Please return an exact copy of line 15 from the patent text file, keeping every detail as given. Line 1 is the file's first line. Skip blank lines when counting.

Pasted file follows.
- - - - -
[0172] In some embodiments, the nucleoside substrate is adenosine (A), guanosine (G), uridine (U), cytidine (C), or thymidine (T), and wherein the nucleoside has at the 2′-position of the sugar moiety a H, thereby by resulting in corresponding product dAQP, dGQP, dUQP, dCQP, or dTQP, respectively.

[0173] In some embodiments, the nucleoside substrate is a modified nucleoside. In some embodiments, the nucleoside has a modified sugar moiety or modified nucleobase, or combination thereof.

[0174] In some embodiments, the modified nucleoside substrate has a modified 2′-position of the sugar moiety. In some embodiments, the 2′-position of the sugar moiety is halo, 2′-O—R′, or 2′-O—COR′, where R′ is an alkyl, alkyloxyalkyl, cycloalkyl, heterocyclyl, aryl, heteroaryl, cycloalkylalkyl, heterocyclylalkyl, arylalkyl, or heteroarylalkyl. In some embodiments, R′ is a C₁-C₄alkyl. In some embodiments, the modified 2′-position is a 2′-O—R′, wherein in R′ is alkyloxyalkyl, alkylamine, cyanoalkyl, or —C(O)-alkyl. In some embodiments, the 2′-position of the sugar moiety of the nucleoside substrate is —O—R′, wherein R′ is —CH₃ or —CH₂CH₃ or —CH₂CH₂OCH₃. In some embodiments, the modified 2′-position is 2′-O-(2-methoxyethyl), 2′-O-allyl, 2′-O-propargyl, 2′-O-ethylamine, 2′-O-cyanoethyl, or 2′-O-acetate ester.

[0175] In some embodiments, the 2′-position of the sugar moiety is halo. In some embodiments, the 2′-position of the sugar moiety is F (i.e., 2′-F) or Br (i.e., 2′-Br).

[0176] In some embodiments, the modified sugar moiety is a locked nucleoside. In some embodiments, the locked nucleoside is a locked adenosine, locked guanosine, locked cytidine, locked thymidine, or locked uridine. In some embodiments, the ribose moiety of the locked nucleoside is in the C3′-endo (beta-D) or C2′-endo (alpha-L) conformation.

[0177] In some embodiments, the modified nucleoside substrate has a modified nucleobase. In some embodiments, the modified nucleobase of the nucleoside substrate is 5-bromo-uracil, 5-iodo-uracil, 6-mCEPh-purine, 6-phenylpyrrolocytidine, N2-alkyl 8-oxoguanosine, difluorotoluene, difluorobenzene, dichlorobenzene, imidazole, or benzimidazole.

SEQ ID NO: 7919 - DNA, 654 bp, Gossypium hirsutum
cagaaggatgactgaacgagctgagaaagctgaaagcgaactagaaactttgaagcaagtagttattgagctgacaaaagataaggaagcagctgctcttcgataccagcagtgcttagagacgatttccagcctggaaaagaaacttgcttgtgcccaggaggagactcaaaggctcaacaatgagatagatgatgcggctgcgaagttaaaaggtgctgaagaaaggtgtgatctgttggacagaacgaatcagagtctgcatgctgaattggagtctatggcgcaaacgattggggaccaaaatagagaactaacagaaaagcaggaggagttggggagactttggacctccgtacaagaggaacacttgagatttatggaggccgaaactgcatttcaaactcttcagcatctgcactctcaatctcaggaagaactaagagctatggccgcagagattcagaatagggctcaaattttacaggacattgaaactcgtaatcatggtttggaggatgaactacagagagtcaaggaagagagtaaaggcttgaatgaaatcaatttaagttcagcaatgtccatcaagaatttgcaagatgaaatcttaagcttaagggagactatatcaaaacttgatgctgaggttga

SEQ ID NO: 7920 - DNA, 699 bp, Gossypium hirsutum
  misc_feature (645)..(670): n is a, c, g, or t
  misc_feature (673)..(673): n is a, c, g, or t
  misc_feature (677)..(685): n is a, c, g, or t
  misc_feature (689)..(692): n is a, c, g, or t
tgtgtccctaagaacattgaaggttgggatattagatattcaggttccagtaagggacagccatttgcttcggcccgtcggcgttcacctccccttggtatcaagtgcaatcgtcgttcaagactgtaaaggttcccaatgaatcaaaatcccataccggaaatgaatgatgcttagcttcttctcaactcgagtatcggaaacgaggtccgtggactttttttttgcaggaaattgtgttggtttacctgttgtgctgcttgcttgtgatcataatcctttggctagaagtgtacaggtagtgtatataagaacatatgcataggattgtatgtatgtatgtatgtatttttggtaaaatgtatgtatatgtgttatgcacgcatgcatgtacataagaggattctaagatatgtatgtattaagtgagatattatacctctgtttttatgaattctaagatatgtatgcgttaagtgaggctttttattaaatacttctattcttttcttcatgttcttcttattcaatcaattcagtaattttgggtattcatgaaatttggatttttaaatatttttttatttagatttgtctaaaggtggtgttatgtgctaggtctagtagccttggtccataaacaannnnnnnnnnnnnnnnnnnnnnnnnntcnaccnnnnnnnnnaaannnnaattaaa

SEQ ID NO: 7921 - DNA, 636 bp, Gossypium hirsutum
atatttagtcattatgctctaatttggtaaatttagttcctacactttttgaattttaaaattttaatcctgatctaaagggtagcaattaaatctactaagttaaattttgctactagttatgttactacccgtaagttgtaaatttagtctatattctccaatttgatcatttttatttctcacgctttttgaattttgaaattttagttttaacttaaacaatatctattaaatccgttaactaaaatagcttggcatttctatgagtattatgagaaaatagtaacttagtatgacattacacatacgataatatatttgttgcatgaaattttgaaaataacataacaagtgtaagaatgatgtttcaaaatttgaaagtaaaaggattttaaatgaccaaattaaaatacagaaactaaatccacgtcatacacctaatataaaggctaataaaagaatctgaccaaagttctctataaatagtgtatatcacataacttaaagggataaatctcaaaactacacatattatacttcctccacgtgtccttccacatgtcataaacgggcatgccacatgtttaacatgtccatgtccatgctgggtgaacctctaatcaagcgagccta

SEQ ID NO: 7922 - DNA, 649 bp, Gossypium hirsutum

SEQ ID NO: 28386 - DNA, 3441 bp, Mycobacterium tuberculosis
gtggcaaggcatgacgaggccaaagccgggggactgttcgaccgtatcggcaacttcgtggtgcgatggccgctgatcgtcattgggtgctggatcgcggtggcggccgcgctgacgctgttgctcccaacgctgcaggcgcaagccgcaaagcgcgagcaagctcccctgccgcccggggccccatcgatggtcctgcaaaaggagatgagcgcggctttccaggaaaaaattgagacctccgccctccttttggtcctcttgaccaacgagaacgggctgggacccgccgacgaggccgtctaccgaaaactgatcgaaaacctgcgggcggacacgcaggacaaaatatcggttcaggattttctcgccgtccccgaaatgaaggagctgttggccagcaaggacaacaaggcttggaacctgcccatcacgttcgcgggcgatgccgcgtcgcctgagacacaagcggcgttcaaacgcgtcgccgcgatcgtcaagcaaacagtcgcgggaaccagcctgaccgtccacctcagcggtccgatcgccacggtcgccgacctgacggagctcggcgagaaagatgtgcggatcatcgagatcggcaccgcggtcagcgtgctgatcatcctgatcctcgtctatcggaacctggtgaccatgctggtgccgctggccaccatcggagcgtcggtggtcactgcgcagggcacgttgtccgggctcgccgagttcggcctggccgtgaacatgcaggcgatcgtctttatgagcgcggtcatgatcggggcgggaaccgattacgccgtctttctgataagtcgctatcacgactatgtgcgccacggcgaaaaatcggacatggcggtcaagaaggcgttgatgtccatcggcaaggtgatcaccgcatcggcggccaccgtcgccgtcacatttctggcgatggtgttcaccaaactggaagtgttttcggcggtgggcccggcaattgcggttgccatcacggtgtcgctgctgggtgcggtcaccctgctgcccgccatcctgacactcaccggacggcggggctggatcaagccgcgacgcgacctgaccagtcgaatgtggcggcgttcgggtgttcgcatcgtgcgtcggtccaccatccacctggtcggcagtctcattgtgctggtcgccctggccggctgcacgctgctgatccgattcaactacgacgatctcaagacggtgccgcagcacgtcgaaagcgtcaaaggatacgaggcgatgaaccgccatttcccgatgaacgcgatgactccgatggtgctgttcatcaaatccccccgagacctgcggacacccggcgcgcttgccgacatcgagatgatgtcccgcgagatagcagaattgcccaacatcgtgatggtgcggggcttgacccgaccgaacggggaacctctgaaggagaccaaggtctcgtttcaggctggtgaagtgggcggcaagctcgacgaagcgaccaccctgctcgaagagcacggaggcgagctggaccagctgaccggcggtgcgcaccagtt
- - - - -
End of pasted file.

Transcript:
SEQ ID NO: 7921 - DNA, 636 bp, Gossypium hirsutum